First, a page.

Serving as Bridges

The Lord desires to take the ordinary things that we say and do in order to use them as bridges in the lives of others to take them from where they are to where He wants them to be.
by Lorraine E. Espenhain | Source:

Now bands from Aram had gone out and had taken captive a young girl from Israel, and she served Naaman’s wife. She said to her mistress, "If only my master would see the prophet who is in Samaria! He would cure him of his leprosy." [2 Ki 5:2-3].

In this particular story, we read about a man named Naaman, who was the commander of the Aramean army. Naaman was highly regarded by the King of Aram and had tremendous influence with him because he was victorious in all of the battles he fought for the king. Although he was a valiant soldier who enjoyed great success and favor with the king, Naaman had one dark, sinister cloud hanging over his life; he had leprosy.

Sometime earlier, Aramean bands had invaded Israel and taken captive a young girl who was brought to the country of Aram to serve Naaman’s wife. In contrast to Naaman’s greatness was this little captive girl who, although forcibly taken away from her country in order to live far away from the home and the family she loved, believed in God and was filled with faith in Him.

This young girl had a great desire to see her master Naaman healed. The same grace of God that gave her joy and faith in her captivity, as well as concern for others, also gave her the strength to be a bold witness for Him, and the Lord was pleased to use her testimony. Approaching Naaman’s wife one day, she boldly declared, "If only my master would see the prophet [Elisha] who is in Samaria! He would cure him of his leprosy." Her faith was not in Elisha the prophet, but in the God of Israel, whom Elisha represented.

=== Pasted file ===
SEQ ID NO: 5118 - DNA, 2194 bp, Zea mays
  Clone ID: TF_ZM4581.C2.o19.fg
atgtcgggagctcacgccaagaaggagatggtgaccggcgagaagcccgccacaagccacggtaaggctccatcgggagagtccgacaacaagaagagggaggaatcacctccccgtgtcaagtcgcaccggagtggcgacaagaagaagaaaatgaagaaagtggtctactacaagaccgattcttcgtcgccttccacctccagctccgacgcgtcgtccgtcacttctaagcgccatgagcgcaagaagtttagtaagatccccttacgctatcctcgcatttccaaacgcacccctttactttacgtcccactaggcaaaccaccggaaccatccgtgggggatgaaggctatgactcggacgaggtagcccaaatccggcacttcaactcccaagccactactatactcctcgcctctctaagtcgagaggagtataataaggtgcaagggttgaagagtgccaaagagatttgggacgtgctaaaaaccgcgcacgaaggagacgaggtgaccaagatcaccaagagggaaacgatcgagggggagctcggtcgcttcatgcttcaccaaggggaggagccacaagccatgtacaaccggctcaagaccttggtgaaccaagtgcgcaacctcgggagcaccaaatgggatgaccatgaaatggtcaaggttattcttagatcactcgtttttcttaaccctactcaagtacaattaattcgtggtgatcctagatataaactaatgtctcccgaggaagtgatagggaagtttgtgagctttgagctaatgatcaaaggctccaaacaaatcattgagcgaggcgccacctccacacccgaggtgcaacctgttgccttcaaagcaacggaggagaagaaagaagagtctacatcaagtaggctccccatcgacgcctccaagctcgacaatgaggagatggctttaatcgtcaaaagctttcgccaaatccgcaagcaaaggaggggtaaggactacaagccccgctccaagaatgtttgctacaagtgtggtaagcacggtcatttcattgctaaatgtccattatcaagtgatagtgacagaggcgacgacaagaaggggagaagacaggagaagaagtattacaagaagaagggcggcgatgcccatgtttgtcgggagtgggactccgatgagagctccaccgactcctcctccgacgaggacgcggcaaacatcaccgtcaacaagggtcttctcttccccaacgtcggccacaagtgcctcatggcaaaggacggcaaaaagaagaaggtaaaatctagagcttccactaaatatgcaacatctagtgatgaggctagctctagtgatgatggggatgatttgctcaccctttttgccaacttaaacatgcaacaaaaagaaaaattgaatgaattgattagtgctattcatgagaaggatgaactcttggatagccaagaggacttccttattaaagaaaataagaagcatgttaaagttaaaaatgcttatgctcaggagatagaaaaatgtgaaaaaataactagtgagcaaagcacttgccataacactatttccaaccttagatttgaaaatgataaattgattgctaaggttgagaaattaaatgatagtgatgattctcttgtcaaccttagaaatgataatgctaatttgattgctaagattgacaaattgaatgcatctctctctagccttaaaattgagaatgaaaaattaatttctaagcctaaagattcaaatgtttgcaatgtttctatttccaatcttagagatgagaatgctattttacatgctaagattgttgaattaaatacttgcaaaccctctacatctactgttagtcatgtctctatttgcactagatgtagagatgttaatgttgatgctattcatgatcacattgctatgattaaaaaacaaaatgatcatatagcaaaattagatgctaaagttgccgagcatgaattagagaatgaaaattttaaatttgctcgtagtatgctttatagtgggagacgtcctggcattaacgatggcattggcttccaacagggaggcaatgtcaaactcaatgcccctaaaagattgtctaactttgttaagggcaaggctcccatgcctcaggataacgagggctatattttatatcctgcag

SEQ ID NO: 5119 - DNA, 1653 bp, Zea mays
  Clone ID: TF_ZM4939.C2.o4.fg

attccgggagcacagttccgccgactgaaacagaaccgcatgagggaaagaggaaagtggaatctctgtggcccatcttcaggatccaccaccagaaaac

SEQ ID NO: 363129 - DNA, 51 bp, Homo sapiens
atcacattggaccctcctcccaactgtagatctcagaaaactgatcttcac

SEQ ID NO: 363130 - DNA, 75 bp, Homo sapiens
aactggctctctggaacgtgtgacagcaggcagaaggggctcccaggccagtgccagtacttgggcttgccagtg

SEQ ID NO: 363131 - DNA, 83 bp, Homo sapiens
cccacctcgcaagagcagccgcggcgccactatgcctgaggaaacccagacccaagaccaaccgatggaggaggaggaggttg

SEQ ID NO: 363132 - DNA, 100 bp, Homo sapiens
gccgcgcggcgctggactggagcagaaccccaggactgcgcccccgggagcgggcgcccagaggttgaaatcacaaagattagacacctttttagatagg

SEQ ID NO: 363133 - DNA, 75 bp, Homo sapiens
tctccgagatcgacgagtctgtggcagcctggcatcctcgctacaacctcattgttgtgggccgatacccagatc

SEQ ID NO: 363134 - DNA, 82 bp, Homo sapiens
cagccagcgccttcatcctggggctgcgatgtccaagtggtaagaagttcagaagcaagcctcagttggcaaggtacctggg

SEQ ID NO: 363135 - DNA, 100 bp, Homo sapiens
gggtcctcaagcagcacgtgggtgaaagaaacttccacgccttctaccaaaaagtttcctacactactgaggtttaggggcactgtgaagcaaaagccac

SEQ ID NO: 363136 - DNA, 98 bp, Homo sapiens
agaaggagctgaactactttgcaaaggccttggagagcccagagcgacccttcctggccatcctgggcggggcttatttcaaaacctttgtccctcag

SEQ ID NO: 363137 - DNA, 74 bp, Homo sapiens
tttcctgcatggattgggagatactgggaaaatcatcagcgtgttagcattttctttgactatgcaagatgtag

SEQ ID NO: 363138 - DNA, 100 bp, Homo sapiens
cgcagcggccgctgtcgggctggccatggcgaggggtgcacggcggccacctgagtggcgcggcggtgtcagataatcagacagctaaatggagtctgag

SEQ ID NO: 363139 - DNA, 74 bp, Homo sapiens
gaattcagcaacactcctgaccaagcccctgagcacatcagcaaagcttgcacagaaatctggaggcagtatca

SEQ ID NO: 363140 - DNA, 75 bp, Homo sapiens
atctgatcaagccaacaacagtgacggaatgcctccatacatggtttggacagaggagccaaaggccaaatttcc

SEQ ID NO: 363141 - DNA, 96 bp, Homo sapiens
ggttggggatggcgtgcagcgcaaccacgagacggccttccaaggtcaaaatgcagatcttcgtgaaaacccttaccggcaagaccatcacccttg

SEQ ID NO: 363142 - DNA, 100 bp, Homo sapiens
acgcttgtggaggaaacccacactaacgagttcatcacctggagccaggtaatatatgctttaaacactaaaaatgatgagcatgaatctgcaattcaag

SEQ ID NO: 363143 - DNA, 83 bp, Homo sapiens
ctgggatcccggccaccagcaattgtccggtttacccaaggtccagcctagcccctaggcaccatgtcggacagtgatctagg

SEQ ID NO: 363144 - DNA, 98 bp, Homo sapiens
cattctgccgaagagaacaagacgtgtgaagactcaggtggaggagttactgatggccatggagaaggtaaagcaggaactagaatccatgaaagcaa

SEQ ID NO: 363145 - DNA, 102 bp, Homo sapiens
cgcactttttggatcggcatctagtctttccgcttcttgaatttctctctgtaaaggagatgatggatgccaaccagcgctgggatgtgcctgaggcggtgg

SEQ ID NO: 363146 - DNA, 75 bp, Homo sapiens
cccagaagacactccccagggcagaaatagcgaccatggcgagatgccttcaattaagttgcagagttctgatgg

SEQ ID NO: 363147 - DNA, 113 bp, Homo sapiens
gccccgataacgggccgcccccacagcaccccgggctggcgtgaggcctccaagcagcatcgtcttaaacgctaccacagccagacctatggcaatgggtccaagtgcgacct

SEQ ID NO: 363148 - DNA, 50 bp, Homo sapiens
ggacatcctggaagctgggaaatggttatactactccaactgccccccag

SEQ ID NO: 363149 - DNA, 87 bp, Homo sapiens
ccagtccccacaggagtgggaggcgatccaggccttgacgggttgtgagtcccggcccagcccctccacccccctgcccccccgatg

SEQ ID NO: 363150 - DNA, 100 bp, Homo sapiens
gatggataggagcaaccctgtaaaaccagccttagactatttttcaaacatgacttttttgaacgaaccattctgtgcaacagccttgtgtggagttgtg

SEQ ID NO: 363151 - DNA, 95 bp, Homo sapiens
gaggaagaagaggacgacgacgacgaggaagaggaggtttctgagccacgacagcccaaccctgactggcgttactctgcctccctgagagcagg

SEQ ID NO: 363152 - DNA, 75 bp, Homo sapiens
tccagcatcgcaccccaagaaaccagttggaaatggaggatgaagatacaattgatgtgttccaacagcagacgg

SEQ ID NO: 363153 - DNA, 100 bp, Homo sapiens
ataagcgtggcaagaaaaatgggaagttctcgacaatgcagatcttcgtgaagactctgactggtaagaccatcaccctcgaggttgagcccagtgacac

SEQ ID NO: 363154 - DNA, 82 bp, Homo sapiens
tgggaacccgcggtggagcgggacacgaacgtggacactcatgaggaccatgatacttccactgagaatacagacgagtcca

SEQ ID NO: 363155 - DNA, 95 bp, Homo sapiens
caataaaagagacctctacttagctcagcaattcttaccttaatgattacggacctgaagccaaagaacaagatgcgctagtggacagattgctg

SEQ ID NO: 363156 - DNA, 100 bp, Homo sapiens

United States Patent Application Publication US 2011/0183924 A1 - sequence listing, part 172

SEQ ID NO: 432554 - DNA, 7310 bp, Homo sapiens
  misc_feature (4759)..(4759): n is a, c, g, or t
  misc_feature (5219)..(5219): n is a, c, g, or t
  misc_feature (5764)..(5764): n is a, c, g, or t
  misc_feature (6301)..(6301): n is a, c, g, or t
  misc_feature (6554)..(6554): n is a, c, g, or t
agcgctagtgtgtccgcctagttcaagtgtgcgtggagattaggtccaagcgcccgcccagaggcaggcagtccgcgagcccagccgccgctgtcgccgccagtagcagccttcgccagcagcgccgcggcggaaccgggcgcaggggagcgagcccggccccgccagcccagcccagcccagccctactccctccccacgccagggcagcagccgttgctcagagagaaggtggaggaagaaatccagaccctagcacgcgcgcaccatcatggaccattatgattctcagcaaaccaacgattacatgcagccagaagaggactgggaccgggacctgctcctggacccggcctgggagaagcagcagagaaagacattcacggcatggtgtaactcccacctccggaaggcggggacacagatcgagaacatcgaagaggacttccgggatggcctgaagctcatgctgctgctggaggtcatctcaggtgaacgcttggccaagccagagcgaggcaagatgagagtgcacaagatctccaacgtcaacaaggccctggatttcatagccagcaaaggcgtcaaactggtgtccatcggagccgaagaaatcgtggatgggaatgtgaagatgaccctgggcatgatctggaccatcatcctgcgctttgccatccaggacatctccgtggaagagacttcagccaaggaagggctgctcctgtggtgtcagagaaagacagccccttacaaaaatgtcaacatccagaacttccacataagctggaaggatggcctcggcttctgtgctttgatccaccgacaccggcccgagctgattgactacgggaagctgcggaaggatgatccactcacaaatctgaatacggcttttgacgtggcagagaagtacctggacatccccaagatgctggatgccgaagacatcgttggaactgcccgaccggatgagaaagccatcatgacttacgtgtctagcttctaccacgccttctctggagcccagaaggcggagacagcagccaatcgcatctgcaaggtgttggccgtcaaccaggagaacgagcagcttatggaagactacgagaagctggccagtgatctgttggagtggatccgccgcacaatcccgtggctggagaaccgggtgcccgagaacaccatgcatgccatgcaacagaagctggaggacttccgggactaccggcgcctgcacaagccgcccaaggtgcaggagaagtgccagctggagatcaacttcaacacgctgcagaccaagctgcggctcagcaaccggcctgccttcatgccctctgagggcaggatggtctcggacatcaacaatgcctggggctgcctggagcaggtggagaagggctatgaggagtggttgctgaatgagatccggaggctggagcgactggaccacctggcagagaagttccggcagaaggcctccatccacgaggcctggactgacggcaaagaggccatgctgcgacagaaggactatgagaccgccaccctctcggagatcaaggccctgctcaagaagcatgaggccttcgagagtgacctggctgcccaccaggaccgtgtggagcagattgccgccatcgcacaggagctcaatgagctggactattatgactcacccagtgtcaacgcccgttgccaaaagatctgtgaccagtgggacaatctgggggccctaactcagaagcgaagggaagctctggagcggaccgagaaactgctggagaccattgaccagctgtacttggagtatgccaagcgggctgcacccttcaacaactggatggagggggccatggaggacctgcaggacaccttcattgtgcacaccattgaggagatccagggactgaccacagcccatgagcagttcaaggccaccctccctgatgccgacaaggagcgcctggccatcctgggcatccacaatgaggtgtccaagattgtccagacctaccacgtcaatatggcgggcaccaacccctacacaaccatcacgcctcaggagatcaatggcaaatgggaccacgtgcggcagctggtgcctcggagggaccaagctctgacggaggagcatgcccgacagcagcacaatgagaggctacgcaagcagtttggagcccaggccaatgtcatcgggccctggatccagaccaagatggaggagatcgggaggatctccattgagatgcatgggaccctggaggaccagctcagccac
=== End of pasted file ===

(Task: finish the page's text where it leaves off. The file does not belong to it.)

Naaman’s wife repeated the servant girl’s words to her husband, who then went to Israel, found Elisha, came to personal faith in the One True God, and received his healing from God.

Whenever this story is read, attention is often given to Naaman, the Gentile who had faith to believe in the God of Israel for healing, or the prophet Elisha, who was used by God to bring about that miraculous healing. But I wonder how many often taken the time to reflect on how God graciously used the young Israelite girl who served Naaman’s wife? I wonder if it would surprise us to know that many times He desires to use us in the same way.

The Israelite slave girl was divinely used as a bridge in Naaman’s life to get him from where he was (spiritually dead and afflicted with leprosy) to where God wanted him to be (spiritually alive and physically healed). Because she had tremendous faith in God, as well as love and concern for others, she wasn’t afraid to step out and be used  by Him in this capacity. As a result, a life was impacted for eternity.

In the same way, the Lord often desires to take the ordinary things that we may say or do in order to use them as that same bridge in the lives of our children, neighbors, co-workers, family members, or whomever else He may send in our path. If we are not sensitive to the Spirit’s prompting and leading in our lives, we may miss out on the opportunity God was giving us to be used by Him as that bridge.